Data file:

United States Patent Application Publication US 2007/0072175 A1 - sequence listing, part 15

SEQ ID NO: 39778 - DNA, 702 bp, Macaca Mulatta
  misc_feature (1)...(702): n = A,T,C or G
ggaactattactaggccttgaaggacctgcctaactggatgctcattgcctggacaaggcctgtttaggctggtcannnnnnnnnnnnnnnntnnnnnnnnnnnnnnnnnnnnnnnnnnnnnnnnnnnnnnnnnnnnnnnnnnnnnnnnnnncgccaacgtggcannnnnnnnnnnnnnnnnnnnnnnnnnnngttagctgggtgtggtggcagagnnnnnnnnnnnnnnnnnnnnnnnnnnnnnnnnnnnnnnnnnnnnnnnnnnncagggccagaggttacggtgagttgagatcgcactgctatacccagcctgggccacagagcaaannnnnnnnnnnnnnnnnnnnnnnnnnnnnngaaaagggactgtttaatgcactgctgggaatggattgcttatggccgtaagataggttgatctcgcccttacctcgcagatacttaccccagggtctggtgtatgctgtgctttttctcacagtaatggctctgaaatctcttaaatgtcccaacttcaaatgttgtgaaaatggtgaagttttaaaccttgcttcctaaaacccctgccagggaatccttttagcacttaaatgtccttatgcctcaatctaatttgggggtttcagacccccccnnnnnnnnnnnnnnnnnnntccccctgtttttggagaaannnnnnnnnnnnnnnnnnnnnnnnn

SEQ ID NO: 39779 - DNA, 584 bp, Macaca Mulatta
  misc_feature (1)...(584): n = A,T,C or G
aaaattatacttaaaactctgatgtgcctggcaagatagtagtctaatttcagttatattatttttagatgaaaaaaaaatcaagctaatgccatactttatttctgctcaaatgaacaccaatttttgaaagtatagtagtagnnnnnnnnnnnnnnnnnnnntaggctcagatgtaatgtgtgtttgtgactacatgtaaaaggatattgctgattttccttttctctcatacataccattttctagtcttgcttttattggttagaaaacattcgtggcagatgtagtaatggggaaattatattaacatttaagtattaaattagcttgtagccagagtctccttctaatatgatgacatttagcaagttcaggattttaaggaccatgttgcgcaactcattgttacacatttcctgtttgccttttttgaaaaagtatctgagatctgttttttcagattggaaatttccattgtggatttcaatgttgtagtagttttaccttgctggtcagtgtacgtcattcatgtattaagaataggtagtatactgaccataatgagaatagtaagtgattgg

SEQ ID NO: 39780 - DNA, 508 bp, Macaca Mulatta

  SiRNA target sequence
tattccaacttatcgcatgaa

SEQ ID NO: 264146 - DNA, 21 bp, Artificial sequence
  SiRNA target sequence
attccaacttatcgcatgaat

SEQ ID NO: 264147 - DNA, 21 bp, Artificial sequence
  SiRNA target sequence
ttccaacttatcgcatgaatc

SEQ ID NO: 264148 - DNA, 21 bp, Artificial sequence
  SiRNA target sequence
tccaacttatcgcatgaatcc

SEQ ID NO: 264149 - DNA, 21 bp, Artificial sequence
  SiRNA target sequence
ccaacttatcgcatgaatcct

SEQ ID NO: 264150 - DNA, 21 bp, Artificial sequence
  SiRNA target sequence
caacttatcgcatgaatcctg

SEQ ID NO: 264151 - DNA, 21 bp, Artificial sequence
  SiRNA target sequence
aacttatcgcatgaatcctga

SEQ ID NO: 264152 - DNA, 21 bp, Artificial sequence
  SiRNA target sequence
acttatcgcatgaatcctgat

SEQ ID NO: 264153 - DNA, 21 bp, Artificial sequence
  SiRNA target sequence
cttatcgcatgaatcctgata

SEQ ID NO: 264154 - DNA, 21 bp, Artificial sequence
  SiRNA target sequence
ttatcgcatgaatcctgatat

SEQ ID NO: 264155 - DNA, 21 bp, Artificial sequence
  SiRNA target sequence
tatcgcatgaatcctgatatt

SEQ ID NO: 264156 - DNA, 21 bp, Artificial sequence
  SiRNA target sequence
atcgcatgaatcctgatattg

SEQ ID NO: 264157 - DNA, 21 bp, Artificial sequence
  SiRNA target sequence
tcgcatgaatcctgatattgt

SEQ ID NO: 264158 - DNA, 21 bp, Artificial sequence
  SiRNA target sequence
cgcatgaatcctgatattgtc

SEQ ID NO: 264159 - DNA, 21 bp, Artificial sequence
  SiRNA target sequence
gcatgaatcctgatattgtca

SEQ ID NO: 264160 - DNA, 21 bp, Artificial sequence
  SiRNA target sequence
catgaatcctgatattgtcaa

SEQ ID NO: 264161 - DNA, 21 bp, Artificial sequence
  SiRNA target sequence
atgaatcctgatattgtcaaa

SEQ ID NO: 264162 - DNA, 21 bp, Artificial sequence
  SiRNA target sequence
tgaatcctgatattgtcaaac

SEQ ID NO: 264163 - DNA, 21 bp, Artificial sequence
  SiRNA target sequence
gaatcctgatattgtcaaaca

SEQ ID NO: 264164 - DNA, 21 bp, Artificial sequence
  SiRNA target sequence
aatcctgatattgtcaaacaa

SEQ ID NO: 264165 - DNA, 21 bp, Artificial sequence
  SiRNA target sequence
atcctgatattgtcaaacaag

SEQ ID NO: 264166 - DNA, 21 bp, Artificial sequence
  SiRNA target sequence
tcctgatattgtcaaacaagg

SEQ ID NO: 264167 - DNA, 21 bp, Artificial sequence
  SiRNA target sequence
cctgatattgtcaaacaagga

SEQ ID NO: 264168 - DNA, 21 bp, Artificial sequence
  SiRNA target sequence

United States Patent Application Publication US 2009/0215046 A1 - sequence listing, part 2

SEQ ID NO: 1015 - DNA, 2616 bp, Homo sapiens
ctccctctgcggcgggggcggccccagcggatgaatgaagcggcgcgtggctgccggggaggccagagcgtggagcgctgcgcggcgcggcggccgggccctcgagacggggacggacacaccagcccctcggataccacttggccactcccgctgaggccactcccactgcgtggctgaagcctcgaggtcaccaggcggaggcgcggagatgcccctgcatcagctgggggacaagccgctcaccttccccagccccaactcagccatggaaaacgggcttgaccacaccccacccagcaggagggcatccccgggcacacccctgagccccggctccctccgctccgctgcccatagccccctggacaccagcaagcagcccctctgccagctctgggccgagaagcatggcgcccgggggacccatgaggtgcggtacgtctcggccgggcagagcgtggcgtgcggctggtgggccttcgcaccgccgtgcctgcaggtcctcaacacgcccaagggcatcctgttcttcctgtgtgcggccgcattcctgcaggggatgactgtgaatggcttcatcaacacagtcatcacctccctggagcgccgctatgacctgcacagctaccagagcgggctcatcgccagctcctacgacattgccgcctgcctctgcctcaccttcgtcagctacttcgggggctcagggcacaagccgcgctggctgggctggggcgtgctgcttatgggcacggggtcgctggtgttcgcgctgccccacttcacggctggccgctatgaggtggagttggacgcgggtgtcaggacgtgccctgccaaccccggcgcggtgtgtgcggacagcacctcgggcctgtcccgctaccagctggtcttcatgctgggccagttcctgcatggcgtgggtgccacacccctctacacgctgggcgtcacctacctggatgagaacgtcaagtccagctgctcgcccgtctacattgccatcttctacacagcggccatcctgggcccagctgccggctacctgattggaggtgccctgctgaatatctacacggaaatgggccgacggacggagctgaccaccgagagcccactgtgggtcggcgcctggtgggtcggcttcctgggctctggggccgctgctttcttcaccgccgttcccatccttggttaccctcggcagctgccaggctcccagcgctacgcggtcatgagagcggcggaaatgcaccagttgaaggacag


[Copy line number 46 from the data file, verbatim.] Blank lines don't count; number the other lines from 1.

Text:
tcgcatgaatcctgatattgt